In some places you will see the biggest trout you’ve ever laid eyes on as it slowly swims away. You can try a shot at that one, it won’t spook, per se, but it probably won’t eat either. You’ll want a leader of at least 10 feet, a fly that doesn’t make much of a sound when it hits the water, a sharp-eyed friend on the poling tower, or a guide who specializes in this exact type of fishing. Be ready to cast accurately to a distance of at least 60 feet and drop your fly 8 to 10 (or more?) feet in front of her. You won’t get a lot of chances. It’s difficult, but in the right locations, there are gator trout swimming shallower than you’d imagine.
All along the Atlantic Intracoastal Waterway, from Albemarle Sound to the Shallotte River, there are boat docks with lights on them. Search them out at dusk or early morning, and then go back late at night. This is the place to have a real chance at the very largest speckled trout you can ever get on a fly rod. You should be heading out to fish while other people are getting ready for bed.
Find a dock with access to deeper water and good current running along it with a bright white light shining into the depths or a green light shining from below. This will attract shrimp and small baitfish. You’ll know if it’s worth fishing before you even start casting. The sound of feeding trout is like a popping champagne cork.
The biggest trout I catch every year on fly come from fishing under dock lights. I have a couple different shrimp flies I like that I save for when I see big shrimp being chased around. Most of the time I’ll use a size 2 all-white baitfish imitation. If the current is running fast and the fish are feeding deeper, use an all-white Clouser Minnow.
You may be tempted to fish with a lighter rod, such as a 6 or 7-weight, but stick to the 8 and use a 20-pound tippet. The only 8-pound trout that I’ve ever seen personally was caught in my boat by a friend fishing with me at night. That’s a legitimate monster, and if you want to catch one like it on fly, you need to be prepared when she shows up.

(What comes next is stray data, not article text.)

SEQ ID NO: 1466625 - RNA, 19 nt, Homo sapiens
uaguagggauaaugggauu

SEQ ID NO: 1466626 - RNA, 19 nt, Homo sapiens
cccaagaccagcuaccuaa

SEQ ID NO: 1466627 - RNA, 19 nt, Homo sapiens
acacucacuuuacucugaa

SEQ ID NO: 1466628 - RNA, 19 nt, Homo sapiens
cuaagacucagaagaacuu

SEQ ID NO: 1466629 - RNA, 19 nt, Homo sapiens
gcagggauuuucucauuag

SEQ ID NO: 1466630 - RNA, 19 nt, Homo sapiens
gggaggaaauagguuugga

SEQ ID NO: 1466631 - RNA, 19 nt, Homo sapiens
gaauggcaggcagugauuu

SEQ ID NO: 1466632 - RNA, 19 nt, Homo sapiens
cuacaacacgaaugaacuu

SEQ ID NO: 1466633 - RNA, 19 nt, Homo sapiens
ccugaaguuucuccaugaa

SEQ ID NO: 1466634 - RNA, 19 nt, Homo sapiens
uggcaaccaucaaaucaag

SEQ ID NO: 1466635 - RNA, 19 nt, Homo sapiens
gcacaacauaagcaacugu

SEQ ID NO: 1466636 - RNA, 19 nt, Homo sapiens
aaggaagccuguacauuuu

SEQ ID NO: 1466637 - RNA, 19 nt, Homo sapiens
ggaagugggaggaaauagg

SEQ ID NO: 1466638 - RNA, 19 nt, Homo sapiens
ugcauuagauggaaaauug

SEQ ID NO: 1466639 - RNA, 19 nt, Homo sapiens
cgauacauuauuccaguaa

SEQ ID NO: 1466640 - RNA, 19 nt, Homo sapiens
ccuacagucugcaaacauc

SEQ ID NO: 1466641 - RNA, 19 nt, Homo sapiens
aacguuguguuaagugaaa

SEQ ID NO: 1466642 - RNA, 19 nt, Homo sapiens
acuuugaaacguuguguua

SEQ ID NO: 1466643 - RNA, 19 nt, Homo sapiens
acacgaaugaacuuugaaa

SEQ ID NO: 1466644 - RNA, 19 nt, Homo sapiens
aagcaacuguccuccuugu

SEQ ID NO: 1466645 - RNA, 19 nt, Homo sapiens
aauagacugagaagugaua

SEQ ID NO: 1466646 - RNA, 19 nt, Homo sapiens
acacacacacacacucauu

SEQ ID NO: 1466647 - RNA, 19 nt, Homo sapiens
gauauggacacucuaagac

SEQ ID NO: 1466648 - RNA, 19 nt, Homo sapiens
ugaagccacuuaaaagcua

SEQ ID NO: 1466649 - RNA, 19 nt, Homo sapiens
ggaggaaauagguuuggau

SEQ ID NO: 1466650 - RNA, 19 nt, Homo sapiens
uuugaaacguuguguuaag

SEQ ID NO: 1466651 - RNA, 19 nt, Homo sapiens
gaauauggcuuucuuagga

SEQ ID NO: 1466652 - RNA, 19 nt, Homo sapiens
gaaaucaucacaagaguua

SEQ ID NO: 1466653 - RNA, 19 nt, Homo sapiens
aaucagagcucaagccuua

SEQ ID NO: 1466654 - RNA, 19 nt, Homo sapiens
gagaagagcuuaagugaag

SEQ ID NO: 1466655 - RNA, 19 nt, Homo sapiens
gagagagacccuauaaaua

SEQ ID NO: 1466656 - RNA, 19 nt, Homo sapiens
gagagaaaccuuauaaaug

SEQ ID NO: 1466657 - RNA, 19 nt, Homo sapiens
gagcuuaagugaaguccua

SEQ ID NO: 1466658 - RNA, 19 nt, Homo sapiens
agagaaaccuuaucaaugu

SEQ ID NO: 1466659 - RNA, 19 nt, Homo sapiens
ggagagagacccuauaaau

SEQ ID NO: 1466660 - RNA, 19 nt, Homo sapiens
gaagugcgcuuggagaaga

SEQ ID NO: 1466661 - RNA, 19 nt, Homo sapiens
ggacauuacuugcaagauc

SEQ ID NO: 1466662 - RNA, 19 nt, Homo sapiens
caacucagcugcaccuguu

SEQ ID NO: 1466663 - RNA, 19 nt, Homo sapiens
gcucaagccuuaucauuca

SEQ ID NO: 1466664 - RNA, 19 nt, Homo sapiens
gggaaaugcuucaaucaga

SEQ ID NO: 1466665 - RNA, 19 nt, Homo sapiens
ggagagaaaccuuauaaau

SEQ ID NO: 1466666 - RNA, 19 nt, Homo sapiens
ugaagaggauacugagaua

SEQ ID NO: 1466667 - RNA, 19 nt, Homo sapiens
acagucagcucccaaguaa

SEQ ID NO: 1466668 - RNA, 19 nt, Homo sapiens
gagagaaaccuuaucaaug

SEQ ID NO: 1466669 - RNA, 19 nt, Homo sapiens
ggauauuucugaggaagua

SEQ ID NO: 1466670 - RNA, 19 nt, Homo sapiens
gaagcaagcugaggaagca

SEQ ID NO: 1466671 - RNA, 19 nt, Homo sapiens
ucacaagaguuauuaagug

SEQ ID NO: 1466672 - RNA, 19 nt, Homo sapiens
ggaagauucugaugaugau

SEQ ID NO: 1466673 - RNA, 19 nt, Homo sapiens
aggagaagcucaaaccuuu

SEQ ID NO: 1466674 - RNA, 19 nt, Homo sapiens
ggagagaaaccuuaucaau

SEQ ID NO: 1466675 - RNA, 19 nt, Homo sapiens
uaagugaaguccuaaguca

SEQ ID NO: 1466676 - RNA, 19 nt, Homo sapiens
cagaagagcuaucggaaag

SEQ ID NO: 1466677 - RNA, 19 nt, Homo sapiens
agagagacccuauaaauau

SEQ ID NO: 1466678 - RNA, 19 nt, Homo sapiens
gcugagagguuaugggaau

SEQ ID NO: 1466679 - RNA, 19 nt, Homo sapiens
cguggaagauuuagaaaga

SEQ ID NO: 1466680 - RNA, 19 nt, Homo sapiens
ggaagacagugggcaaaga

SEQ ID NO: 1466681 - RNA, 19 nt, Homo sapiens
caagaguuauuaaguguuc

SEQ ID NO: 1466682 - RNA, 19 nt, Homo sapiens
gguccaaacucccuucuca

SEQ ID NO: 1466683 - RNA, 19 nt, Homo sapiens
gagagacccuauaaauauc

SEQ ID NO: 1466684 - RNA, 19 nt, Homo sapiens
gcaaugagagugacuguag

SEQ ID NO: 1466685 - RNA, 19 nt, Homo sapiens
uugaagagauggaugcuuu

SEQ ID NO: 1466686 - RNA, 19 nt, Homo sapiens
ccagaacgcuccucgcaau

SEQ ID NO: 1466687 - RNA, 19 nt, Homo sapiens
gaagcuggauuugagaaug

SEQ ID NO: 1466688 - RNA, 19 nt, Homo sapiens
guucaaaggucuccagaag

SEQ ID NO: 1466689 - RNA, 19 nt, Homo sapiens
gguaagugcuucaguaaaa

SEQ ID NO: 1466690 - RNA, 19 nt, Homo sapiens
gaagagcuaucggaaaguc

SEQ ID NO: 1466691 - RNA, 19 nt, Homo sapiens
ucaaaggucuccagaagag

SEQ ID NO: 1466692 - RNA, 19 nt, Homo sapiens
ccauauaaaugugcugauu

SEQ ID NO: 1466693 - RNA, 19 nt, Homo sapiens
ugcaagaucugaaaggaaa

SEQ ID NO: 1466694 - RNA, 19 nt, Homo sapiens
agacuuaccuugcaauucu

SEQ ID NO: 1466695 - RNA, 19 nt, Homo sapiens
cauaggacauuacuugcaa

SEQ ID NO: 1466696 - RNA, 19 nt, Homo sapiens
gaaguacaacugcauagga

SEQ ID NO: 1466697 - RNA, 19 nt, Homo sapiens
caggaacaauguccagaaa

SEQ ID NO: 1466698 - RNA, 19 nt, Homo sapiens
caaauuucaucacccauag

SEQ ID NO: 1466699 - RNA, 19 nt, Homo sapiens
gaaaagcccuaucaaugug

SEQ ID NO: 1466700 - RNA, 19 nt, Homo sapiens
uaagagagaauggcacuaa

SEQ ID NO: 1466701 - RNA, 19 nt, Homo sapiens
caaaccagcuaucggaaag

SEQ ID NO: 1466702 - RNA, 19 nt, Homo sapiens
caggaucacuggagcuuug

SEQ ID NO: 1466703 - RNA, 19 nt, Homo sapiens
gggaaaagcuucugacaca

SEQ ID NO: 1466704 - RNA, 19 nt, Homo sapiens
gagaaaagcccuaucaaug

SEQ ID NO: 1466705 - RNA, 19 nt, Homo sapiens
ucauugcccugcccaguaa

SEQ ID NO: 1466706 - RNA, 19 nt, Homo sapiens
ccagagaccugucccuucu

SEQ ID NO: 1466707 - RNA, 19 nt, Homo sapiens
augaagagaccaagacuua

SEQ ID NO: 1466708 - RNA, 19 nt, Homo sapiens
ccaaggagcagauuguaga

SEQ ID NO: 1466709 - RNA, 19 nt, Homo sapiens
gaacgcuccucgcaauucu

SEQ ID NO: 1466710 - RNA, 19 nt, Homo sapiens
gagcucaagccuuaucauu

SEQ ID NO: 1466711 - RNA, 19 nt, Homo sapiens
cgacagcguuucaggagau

In the fall, speckled trout will gather into big schools and move into deep channels. This is the only time some guys around here will ever catch a trout at all. The fish might be migrating to southern waters or just to wintering over creeks. This creates a situation where lots of trout will be in known spots. The water will be deep, often over 10 feet, and the current will be swift, I will use an eight-weight rod with a 350 grain Depth Charge (fast sinking fly line) combined with a Clouser Minnow in red over white, chartreuse over white or any other popular color combinations that people use with jigs.
Anchor your boat in the channel and swing your fly down to them similar to if you were fishing for salmon in a stream. The strikes will come on the swing. Sometimes they will annoy you by short striking. Remedy this by using the flies you already have with stinger hooks.
This is a great time to catch a lot of fish in a relatively short time. When you find them, you can get a strike on almost every cast. Don’t keep more than you need. Coolers fill quickly this way.